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Josie, Jake and the wisdom necklace

by Janice Ross

Suitable for Reception / Key Stage 1

Aims

To demonstrate that parents and other adults can help children to become wise.

Preparation and materials

  • Familiarize yourself with the story. The story will be made more interesting if you replace the names of the characters with those of children in your class and also specific observations you have made of those children exercising wisdom.
  • You will need some coloured threading beads and cord or a whiteboard and pens, plus a copy of the Bible.

Assembly

Tell the story.

Josie and Jake were friends. They had been friends together in toddler group, when they were just two years old, and they had been friends at nursery, when they were three- and four-year-olds. Now they were big and grown-up and in primary school and they were still friends. They had a lovely teacher called Mrs Donaldson.

Josie and Jake had enjoyed their maths activities today. They had been sequencing by making patterns with different coloured beads.

Can you complete Josie’s pattern sequence – B Y R G B Y R G B _ _ _?

Either complete by threading coloured beads or writing this sequence on the whiteboard.

Can you complete Jake’s pattern sequence – Y R R B Y R R B Y _ _ B?

Demonstrate as above, ensuring the activity is appropriate to the age and stage of the class.

Mrs Donaldson had made a colourful display on the wall with all the children’s lovely bead sequences.

‘We could make necklaces with them’, suggested Josie.
Jake didn’t think much of that idea at all!
‘What a good idea!’ replied Mrs Donaldson.
Jake groaned.
‘Gather round children,’ said Mrs Donaldson. ‘I have something to talk to you about. We are going to make a wisdom necklace together.’

Show the copy of the Bible.

Mrs Donaldson continued, ‘This book, the Bible, is a very special book for Christian people. In it we find out about how much God loves us. We find out about Jesus and all the wonderful ways in which he helped people when he was on Earth. The Bible also gives us instructions about good ways to live our lives. In a book called Proverbs a very wise king called Solomon, one of the wisest men in all history, said this:

Listen my child to what your father teaches you
And do not let go of what your mother teaches you
These things will be like a garland for your head
And a necklace to adorn your neck.

I wonder what that necklace looks like? I’d like to show you what I think it looks like in our school today.’

Take a cord and some beads and add a bead each time some wise way of living has been displayed in the stories that follow.

‘I came in to school feeling a bit tired this morning.

Give an appropriate reason.

(Give the name of a known school colleague)
noticed this and said, “I’ll make you a nice cup of coffee. That will waken you up a bit!” That coffee did taste good and soon I was feeling wide awake and ready for work.

That was kind of my friend wasn’t it? When (name of colleague again) was a little girl her mum had probably told her many times about how it is important to care for others.’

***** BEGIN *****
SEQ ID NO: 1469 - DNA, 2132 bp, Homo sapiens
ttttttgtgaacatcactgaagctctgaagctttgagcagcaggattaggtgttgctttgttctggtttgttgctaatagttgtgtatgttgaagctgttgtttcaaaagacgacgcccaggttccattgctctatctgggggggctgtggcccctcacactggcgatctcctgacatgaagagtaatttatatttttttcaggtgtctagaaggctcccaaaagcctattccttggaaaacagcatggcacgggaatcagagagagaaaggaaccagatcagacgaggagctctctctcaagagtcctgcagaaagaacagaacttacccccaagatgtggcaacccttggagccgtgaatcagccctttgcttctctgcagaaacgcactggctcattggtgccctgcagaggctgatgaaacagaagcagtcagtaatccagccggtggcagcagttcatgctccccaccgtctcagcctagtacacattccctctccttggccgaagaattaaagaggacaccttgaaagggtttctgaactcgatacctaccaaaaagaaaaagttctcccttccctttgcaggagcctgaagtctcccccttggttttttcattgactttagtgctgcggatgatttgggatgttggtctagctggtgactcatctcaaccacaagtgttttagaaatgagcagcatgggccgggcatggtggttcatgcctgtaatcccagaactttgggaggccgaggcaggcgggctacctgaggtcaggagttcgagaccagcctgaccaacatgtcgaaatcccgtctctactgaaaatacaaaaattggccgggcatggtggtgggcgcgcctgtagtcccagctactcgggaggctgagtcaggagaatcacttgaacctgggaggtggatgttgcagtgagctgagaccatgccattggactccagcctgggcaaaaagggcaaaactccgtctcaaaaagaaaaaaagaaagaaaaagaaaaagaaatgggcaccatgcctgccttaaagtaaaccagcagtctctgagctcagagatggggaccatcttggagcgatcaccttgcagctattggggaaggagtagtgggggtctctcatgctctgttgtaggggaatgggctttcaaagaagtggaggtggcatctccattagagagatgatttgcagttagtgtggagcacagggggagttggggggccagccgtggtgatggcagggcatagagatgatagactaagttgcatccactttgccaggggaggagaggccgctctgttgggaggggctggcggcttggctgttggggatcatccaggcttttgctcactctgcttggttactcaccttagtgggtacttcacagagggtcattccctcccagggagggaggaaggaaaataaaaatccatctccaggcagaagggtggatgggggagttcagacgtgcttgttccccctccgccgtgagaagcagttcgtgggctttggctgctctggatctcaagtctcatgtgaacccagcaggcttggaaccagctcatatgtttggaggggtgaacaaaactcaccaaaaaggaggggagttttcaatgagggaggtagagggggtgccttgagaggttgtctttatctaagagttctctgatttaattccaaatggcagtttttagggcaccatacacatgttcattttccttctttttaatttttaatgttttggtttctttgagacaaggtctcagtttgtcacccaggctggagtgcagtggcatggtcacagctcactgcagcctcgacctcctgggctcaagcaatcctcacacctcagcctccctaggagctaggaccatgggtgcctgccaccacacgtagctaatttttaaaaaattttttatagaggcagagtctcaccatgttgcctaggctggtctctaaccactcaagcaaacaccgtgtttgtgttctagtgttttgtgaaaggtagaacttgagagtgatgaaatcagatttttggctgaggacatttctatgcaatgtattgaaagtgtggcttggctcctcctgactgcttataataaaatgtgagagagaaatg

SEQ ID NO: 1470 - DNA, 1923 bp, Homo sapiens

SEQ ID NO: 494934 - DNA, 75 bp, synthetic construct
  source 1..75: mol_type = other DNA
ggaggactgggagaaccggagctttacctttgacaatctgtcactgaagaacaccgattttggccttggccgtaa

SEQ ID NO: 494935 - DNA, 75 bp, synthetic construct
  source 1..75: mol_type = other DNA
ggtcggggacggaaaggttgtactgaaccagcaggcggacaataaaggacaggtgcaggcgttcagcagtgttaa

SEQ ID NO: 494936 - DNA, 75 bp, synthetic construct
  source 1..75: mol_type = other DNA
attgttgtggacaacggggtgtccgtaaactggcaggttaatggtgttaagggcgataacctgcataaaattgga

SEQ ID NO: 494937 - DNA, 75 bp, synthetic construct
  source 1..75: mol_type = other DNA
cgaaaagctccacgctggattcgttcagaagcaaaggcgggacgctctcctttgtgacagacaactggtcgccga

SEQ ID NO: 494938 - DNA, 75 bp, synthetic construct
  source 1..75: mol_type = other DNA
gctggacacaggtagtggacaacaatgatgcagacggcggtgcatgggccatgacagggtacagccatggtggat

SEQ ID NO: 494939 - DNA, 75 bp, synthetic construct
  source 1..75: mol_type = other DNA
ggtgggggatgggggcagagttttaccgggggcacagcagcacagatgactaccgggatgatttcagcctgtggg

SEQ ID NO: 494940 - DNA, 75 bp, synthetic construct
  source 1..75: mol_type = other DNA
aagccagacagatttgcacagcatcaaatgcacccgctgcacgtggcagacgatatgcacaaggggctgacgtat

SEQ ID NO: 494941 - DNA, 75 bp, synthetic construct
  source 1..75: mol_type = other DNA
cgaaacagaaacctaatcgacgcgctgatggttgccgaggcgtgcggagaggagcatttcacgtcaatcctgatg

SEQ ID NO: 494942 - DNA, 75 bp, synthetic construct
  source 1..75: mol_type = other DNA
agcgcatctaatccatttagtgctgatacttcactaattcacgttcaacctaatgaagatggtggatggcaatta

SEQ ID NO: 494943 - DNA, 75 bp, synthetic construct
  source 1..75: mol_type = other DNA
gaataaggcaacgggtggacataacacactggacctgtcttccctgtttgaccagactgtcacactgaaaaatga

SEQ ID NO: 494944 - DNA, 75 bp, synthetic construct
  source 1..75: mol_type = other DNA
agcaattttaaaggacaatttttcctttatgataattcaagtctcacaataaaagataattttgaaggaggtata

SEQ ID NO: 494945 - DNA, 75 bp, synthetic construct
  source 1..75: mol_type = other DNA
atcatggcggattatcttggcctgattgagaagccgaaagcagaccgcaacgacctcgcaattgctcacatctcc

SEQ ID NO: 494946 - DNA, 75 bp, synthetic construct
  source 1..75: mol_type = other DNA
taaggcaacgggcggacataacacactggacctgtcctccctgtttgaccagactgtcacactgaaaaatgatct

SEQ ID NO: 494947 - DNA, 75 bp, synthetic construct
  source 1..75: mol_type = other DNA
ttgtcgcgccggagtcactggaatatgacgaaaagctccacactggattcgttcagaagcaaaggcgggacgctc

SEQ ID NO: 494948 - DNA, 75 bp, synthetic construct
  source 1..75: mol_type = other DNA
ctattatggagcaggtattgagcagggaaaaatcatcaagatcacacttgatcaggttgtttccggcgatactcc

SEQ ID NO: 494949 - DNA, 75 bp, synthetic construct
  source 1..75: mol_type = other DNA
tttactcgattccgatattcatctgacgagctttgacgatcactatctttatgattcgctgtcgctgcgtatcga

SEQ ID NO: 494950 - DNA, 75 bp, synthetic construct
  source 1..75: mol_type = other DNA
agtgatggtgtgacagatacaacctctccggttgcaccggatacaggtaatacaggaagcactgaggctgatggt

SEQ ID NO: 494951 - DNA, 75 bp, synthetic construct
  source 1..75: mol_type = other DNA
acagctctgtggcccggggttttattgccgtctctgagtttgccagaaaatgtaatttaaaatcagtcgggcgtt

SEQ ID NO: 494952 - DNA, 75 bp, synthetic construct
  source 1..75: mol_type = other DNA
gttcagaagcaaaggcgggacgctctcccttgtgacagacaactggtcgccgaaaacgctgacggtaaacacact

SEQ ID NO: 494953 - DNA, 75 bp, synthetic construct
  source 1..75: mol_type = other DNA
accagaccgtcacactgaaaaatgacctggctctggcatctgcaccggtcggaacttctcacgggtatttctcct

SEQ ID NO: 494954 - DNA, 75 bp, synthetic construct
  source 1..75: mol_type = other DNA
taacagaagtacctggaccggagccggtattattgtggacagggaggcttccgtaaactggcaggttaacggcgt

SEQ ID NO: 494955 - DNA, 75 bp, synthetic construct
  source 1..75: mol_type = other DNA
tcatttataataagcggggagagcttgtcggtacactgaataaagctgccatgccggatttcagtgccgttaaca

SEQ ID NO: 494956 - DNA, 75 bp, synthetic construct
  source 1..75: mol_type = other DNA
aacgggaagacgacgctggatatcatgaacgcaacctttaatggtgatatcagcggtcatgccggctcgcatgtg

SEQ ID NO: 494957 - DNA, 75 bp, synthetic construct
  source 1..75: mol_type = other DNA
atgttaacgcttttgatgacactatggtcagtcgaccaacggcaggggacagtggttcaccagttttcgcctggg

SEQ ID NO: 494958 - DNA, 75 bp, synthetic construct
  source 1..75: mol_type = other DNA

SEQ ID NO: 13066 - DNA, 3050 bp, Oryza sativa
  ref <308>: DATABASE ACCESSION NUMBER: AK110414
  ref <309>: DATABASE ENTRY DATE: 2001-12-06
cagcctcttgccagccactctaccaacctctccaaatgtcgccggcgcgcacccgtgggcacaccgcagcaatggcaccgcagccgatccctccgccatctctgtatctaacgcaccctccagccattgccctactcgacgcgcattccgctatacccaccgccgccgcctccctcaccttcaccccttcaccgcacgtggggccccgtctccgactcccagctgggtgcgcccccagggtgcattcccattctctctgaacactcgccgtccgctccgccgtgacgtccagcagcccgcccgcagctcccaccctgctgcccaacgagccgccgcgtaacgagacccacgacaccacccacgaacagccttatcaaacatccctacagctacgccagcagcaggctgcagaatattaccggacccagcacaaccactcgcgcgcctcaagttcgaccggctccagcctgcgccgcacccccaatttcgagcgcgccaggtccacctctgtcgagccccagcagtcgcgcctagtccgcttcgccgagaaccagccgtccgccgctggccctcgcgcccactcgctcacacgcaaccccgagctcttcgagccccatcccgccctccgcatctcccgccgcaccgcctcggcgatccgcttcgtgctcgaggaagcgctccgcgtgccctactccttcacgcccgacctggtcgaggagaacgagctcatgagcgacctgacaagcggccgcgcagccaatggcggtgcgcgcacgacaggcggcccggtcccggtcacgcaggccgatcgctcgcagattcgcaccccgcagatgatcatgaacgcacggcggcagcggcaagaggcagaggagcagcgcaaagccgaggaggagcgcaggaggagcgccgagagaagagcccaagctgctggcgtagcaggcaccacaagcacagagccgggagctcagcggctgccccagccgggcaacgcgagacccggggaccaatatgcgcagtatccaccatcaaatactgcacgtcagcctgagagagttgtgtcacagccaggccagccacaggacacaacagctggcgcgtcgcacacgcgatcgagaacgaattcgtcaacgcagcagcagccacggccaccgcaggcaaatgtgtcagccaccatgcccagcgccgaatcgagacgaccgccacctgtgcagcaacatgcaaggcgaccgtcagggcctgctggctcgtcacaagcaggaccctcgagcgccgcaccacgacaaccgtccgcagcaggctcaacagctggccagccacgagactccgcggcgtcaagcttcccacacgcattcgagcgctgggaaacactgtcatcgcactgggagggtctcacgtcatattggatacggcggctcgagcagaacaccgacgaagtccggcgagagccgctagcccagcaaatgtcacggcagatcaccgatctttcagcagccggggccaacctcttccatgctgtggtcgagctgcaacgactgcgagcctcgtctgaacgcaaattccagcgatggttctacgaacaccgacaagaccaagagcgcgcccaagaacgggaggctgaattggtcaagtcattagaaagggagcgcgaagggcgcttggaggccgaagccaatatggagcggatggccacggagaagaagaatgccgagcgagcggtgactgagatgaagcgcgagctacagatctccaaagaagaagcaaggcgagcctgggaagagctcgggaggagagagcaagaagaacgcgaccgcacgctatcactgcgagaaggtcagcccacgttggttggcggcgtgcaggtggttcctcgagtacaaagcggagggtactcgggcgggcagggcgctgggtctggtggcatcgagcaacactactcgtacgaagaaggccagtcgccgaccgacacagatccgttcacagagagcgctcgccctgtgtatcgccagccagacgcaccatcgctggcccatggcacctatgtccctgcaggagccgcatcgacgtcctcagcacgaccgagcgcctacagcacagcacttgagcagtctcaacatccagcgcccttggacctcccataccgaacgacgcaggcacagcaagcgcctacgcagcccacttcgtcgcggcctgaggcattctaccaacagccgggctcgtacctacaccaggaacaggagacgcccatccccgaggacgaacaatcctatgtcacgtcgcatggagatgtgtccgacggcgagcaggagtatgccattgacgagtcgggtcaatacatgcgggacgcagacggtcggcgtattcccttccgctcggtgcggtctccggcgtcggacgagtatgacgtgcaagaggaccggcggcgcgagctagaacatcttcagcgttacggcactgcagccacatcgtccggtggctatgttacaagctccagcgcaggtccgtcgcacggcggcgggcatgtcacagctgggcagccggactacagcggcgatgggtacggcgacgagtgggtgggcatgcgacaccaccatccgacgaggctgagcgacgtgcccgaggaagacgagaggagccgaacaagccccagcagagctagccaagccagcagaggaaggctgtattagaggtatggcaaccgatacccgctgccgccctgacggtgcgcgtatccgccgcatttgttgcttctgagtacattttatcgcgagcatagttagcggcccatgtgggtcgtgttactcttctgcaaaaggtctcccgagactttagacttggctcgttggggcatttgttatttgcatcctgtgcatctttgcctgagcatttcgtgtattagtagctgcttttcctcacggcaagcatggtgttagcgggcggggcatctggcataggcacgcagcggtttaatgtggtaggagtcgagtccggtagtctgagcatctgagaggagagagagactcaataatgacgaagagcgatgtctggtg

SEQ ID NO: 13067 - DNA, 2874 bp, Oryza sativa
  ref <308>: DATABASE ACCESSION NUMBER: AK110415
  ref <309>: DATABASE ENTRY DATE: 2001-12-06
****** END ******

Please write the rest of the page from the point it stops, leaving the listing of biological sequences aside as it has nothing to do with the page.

Thread first bead.

‘Then I saw Jake came in to class with a big smile and a cheery, “Good morning Mrs Donaldson.” What a lovely start to the day! Jake’s mum had obviously taught him that it is polite to say, “Good morning” to adults.’

Add second bead.

‘Then Sami tried very hard with his writing, even though he made a few mistakes and had to do it over again. His dad had probably told him many times that he should work hard at school and try to always do his best.’

Add third bead.

‘Then I noticed Martha sharing her snack with Lois who had forgotten hers. Martha’s grandma had probably told her many times about how good it is to share with other people.’

Add fourth bead.

‘I also noticed Kevan watering the classroom plants without even being asked and Grace picking up some litter from the floor. Their mums and dads had obviously taught them about taking responsibility for and looking after things around us.’

Add fifth and sixth beads.

‘Last of all, even though Jake really did not want to make a necklace, he came and sat down and has listened carefully to the lesson. Jake, I think your mum and dad have taught you to cooperate and do as you’re asked! Well done.’

Add seventh bead. Put the finished necklace around one child’s neck.

‘So, children, I can see that you have been listening to all the wise things that your mums and dads and other adults in your life have been telling you and I can see that it is making you into very lovely children!’ 

Time for reflection

What wise things have your mums and dads or whoever looks after you taught you?
How will you be wise today?

Prayer
Dear God,
Thank you for all the children and adults in our lives who teach us good things. 
Help us to grow up to be wise. 
Amen.

Publication date: June 2014   (Vol.16 No.6)    Published by SPCK, London, UK.
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